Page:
detects significantly more reacting individuals than 1.0% (0.30 mg/cm2), without a high frequency of irritant

reactions. ii) individuals who react to formaldehyde 2.0% (0.60 mg/cm2) but not to 1.0% (0.30 mg/cm2)

have a significant risk of developing an eczematous reaction when exposed to concentrations of formaldehyde

allowed by the EU Cosmetic Directive. iii) daily exposure to low concentrations of formaldehyde is sufficient to

exacerbate existing dermatitis in patients with contact allergy to formaldehyde. iv) to assess exposure and clinical

relevance in formaldehyde-allergic patients, the patients’ skin care products should be analysed, especially when

the labelling of the products does not include formaldehyde or formaldehyde-releasing preservatives. (Less)
Please use this url to cite or link to this publication:
author
supervisor
opponent
  • Professor Emtestam, Lennart, Sektionen för dermatologi och venereologi, Medicinkliniken,Huddinge/Karolinska Institutet, Stockholm
organization
publishing date
type
Thesis
publication status
published
subject
keywords
Allergic contact dermatitis, preservatives, formaldehyde, formaldehyde releasers, patch testing, repeated open application test, baseline series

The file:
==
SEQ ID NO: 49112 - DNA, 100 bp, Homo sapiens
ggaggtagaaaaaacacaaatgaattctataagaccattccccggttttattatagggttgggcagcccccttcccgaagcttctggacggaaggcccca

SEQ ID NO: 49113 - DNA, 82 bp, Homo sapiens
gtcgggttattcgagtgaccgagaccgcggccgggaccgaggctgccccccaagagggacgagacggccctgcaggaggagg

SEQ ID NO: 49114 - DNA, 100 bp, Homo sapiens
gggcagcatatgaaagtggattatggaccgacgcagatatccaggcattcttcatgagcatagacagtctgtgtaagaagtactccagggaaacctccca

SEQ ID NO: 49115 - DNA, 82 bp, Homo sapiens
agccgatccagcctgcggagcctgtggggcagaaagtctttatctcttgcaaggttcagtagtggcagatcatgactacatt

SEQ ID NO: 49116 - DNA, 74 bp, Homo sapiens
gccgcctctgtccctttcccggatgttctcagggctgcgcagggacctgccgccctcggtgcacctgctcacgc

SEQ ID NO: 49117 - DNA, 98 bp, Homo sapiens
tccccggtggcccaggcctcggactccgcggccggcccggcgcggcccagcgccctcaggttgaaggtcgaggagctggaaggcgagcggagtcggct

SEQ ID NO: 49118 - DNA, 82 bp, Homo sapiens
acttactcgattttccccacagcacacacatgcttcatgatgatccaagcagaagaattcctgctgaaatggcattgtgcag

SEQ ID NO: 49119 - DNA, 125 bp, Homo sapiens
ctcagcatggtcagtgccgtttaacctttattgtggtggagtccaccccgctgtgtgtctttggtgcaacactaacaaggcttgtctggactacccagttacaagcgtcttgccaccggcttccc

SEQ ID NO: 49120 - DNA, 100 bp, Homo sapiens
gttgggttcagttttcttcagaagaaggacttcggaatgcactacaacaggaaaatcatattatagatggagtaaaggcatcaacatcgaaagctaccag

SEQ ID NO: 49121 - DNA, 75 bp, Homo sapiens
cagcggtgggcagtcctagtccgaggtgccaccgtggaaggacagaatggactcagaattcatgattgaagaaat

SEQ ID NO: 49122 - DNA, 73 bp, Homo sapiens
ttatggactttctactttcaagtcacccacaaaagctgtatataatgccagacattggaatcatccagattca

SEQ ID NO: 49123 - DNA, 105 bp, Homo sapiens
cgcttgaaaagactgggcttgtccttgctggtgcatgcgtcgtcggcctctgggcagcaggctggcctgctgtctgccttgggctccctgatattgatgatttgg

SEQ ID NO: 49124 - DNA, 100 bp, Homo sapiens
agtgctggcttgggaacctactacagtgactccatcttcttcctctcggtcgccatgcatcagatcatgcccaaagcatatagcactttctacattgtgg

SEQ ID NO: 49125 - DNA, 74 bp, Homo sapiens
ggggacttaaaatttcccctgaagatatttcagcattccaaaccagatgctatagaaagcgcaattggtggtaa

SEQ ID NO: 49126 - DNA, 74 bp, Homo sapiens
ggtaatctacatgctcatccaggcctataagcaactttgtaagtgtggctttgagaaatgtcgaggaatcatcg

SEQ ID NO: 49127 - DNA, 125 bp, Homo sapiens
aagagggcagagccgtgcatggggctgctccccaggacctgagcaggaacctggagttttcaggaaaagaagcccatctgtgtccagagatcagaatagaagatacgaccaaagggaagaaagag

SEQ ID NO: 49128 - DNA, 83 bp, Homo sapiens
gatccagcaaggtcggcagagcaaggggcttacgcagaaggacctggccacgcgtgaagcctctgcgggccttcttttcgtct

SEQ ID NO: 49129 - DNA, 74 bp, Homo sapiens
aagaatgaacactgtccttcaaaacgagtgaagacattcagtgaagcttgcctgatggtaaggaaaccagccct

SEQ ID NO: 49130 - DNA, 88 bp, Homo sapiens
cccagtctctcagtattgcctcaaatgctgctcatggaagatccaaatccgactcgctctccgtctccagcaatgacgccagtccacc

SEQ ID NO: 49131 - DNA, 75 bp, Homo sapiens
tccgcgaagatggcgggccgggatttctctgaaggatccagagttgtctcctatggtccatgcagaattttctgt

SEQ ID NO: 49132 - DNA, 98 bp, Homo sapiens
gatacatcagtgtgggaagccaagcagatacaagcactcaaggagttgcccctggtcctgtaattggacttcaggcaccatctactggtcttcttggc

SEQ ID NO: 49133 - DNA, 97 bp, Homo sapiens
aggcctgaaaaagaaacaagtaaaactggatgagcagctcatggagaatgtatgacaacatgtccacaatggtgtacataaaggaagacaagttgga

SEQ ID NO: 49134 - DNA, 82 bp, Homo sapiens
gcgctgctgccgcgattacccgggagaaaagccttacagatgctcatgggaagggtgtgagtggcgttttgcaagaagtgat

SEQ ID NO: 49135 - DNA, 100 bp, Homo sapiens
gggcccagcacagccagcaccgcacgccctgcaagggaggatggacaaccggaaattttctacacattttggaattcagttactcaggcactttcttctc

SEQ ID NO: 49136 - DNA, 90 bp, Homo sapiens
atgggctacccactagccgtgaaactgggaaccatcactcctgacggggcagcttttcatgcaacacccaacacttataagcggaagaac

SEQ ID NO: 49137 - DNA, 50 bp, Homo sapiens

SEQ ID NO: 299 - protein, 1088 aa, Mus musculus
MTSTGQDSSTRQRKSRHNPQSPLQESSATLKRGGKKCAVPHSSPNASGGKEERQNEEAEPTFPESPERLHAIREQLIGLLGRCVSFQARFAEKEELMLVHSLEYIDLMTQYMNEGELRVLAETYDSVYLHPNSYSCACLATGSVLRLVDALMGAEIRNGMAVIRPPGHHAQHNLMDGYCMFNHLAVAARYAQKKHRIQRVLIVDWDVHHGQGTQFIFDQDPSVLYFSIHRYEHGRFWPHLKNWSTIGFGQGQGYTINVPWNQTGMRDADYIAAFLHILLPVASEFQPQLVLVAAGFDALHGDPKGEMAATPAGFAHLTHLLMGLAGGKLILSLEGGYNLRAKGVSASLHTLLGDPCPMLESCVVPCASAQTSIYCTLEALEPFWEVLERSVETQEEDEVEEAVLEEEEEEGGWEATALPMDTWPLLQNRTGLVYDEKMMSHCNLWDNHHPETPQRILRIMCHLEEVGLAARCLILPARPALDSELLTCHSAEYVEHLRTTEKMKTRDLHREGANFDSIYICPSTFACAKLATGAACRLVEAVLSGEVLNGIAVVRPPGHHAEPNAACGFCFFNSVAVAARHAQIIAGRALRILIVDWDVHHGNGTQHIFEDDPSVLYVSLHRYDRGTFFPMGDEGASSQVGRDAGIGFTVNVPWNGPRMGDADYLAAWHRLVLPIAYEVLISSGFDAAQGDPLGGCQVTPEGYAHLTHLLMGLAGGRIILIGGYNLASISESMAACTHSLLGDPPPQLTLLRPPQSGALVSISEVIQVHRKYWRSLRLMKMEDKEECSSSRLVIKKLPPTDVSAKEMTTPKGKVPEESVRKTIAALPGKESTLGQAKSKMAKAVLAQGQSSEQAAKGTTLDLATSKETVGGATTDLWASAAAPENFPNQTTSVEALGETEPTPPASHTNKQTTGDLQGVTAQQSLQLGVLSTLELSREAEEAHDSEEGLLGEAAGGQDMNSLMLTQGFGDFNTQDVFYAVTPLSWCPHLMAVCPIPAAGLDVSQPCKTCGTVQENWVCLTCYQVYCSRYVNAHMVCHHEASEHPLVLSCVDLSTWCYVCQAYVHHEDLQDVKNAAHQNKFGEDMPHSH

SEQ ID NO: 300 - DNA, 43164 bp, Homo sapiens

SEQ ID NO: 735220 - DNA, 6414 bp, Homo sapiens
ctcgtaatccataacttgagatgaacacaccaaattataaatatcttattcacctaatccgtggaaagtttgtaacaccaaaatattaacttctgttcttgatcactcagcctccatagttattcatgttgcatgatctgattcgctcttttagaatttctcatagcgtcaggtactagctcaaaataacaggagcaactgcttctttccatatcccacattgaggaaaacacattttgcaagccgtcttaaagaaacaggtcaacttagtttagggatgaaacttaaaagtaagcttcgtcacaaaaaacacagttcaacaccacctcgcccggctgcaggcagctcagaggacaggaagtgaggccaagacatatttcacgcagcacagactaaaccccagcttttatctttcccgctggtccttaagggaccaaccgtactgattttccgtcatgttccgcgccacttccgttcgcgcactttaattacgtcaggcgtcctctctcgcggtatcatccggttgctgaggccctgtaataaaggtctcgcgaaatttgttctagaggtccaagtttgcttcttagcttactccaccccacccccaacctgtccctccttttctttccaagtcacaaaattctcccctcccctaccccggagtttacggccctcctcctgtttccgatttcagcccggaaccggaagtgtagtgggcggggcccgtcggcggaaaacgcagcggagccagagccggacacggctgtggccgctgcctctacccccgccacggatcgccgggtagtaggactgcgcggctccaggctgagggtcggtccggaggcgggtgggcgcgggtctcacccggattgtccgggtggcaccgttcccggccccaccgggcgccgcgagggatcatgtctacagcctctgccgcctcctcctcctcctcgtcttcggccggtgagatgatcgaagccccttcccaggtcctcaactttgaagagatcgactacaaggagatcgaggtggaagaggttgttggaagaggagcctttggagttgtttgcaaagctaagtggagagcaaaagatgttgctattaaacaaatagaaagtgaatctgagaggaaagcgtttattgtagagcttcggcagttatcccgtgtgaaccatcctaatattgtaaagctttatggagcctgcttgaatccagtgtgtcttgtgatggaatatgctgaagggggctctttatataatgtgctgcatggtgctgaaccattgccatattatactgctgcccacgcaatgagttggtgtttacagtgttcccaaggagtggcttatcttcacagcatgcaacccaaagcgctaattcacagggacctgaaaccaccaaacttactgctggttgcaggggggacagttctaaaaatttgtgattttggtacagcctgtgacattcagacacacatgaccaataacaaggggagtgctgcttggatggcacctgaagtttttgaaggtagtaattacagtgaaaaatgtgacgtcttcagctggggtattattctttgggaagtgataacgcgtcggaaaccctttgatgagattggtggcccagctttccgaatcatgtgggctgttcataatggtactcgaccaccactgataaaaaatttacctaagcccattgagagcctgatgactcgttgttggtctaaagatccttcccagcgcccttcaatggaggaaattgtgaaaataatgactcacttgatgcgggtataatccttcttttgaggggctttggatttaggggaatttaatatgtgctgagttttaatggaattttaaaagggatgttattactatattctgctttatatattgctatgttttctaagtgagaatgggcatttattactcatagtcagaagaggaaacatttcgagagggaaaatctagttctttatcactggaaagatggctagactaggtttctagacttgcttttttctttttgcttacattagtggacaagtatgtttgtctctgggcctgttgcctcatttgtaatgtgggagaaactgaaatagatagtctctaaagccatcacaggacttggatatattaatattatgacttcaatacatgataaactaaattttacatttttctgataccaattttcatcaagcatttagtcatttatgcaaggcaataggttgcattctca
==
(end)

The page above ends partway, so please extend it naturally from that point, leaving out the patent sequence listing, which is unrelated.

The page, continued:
categories
Higher Education
in
Lund University, Faculty of Medicine Doctoral dissertation Series
volume
2014:68
pages
140 pages
publisher
Occupational and Environmental Dermatology Unit
defense location
Lilla Aulan, Medicinskt Forskningscentrum, Jan Waldenströms gata 5, Skånes Universitetssjukhus i Malmö.
defense date
2014-05-28 09:00
external identifiers
  • scopus:84921764794
ISSN
1652-8220
ISBN
978-91-87651-95-3
language
English
LU publication?
yes
id
2481053b-6f29-48b9-bbb5-ade1d8b58796 (old id 4436848)
date added to LUP
2014-05-20 13:54:49
date last changed
2017-01-01 06:16:18
@phdthesis{2481053b-6f29-48b9-bbb5-ade1d8b58796,
  abstract     = {Preservatives are biologically active substances mainly used in water-based products to prevent the growth of<br/><br>
microorganisms. Most people are exposed to them on a daily basis. Formaldehyde is one of the oldest and most<br/><br>
commonly used preservatives. However, it is a well-known contact sensitiser in dermatitis patients.<br/><br>
The aims of this work were: i) to investigate the prevalence of contact allergy to formaldehyde using the baseline<br/><br>